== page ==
18. The Buckeyes have had three other scoring plays of 80+ yards, all of which were defensive two-point conversions. The first two occurred in 1991, when linebacker Steve Tovar (96-yard interception versus Washington State) and defensive end Jason Simmons (85-yard blocked extra point versus Iowa) each pulled off that trick. The last Buckeye to accomplish this strange feat was linebacker Brian Rolle, who went 99 yards with an intercepted two-point conversion attempt against Navy in 2009.

    19. The longest recorded touchdown in Ohio State history was a 103-yard kick-off return by Dean Sensanbaugher in 1943. The NCAA does not recognize touchdowns of greater than 100 yards, reducing any such touchdown to 100 yards. Ohio State has had seven other touchdowns of 100 yards (or more): William Wentz (kick-off return, 1960); David Brown (interception, 1986); Carlos Snow (kick-off return, 1988); Marlon Kerner (interception, 1993); Michael Wiley (kick-off return, 1997); Will Allen (interception, 2003); and Ted Ginn, Jr. (kick-off return, 2005).

    20. Below is a chart showing the longest scoring plays in Ohio State history by type of play:

    Type of PlayPlayer(s)Yardage
    RushMorris Bradshaw88
    ReceptionKenny Guiton to Devin Smith90
    Field GoalTom Skladany59
    Kick-Off ReturnDean Sensanbaugher103
    Punt ReturnBrian Hartline90
    InterceptionDavid Brown; Marlon Kerner; Will Allen100
    Fumble RecoveryRob Kelly79
    Blocked PuntSevyn Banks33
    Blocked Field GoalAshton Youboty72
    Defensive 2-PointBrian Rolle99
    21. On October 19, 1996, in a game against Purdue, Rob Kelly set the Ohio State record for longest touchdown on a fumble recovery. In that same game, Purdue quarterback John Reeves connected with Isaac Jones for an 86-yard touchdown reception, the third-longest TD pass (and sixth-longest scoring play from scrimmage) by a Buckeye opponent.

    22. The shortest touchdown in Ohio State history is zero yards, which has happened 23 times: 13 blocked punts recovered in the end zone, 10 fumbles recovered in the end zone.

    23. Wide receiver Terry Glenn set a team record in 1995 with 17 touchdown receptions (including receptions of 56, 61, 75, and 82 yards). Glenn's only other touchdown for his Buckeye career came in 1993 against Illinois when the Illini punter fumbled the snap and Glenn recovered the ball in the end zone for a 0-yard touchdown.

    24. The Buckeyes have recorded 25 safeties since 1960. The team record for safeties in a single season is three in 2001, which included a team record two against Purdue on November 10th.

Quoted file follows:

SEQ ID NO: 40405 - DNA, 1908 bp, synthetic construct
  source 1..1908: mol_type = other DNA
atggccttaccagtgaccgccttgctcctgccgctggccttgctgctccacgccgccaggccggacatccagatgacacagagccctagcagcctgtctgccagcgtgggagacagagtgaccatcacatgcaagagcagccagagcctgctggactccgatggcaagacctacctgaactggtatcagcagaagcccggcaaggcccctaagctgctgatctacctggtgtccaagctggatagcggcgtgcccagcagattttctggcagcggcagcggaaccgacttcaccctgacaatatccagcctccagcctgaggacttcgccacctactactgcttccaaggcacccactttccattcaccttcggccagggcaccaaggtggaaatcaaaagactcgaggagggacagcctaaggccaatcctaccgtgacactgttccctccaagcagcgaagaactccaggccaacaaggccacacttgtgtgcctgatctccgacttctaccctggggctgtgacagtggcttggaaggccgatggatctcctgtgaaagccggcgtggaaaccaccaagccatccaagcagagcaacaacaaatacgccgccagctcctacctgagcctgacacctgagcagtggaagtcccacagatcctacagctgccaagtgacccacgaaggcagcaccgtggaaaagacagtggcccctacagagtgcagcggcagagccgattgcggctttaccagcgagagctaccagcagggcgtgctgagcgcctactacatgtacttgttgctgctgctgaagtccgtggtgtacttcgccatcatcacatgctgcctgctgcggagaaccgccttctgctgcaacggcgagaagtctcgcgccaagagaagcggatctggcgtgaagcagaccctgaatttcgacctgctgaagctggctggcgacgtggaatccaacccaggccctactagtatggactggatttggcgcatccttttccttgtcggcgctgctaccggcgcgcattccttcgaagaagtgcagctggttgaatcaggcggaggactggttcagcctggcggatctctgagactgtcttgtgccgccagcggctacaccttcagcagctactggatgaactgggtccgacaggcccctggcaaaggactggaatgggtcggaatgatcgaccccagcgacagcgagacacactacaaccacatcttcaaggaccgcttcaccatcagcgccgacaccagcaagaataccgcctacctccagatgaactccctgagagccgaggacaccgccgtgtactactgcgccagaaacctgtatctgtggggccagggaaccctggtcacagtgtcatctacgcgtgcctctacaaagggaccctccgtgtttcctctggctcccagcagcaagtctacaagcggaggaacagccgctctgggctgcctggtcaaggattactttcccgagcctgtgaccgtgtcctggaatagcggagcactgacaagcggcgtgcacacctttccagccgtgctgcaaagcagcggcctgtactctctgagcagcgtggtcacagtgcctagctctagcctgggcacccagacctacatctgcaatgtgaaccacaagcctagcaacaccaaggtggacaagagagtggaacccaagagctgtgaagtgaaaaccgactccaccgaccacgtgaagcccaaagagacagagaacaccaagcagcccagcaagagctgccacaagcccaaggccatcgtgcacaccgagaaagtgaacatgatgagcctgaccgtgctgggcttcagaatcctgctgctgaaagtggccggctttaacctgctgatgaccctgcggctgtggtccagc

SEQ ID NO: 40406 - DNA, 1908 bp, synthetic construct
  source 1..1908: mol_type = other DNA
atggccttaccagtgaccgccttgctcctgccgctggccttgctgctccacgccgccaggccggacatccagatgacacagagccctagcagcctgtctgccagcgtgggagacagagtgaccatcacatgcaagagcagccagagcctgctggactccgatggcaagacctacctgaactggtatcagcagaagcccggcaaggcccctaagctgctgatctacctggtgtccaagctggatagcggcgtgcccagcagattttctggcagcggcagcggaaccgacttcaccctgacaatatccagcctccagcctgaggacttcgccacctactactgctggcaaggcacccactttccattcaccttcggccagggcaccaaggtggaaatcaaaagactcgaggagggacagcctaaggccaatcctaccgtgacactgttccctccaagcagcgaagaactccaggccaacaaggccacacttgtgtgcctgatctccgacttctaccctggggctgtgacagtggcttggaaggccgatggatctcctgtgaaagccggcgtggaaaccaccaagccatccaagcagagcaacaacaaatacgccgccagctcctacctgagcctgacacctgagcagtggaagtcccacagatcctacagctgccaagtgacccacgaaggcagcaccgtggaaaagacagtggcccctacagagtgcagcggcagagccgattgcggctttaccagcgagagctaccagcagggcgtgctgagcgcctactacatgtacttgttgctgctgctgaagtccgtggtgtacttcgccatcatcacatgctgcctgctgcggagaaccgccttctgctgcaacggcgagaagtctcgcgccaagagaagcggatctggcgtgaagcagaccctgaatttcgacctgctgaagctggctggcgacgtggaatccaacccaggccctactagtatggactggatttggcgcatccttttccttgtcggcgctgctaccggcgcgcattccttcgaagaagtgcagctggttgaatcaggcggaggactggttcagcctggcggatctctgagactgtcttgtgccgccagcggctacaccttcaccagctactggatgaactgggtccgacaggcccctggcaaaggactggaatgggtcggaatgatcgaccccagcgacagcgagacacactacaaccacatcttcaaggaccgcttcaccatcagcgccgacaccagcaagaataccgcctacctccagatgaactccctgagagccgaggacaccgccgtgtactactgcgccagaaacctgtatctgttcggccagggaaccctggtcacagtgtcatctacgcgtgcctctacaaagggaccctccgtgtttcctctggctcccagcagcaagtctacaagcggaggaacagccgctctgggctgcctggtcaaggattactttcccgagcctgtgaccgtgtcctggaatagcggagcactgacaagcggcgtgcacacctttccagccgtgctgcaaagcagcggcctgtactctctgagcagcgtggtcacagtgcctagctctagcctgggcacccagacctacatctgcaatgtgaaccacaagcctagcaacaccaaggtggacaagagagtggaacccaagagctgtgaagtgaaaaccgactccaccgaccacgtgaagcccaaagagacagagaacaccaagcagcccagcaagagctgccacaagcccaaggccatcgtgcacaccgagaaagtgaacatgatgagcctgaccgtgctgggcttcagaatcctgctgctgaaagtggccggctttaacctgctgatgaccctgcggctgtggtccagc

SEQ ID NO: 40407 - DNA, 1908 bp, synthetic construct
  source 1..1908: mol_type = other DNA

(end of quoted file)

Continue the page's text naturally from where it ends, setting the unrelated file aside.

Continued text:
25. Neal Colzie holds the Ohio State record for the shortest punt return for a touchdown (43 yards vs Michigan State in 1973); Jordan Hall holds the Ohio State record for shortest kick-off return for a touchdown (85 yards vs Michigan in 2010); and Mike Sullivan holds the Ohio State record for shortest interception return for a touchdown (13 yards vs Iowa in 1988).

    26. Ted Ginn, Jr. holds the team record for most special teams touchdowns with eight, including a team-record six punt returns and a team-record (shared with two others) two kick-off returns.

    27. The team record for most special teams touchdowns in one year is five set in 2004. All five touchdowns were by way of punt returns, four by Ted Ginn, Jr. (60, 65, 67, and 82 yards) and one by Santonio Holmes (63 yards).

    28. Michael Doss holds the team record for most defensive touchdowns with four, which includes three fumble recoveries (0, 30, and 73 yards) and one interception (45 yards). Bradley Roby has the most total touchdowns for a defensive player with five, including two interceptions (41 and 63 yards), one fumble recovery (1 yard), and two blocked punts (both 0 yards). Neal Colzie holds the single-season record for most total touchdowns by a defensive player with four in 1973 (interceptions of 19 and 55 yards; punt returns of 43 and 78 yards).

    29. The team record for most defensive touchdowns in one season is seven in 2000, including a record four in one game against Fresno State on September 2nd. Defensive back David Mitchell scored on a 51-yard interception and a 34-yard fumble recovery; safety Michael Doss scored on a 0-yard fumble recovery; and linebacker Matt Wilhelm scored on a 25-yard interception.

    30. That Fresno State game was also notable for another reason. With Ohio State leading 37-3 in the fourth quarter, Fresno State drove 88 yards in 13 plays to score a touchdown with just 5 seconds left on the clock. For some reason, Fresno State then attempted an on-side kick. That move must have pissed off Buckeye head coach John Cooper, because instead of taking a kneel down to end the game he called for a flag pass (bomb), which quarterback Scott McMullen completed to Ricky Bryant for a 44-yard touchdown as time expired. Final score: Ohio State 43, Fresno State 10.
     
    Last edited: Oct 10, 2019

Comments

Discussion in 'Buckeye Football' started by LordJeffBuck, Oct 29, 2015.

    1. LordJeffBuck
      LordJeffBuck
      In his first game coming off 2019 Bye Week #1, J.K. Dobbins had the second-longest run of his Buckeye career, 68 yards against Northwestern. Like his longest run (77 yards vs Wisconsin), it also did not result in a touchdown.
      brodybuck21 likes this.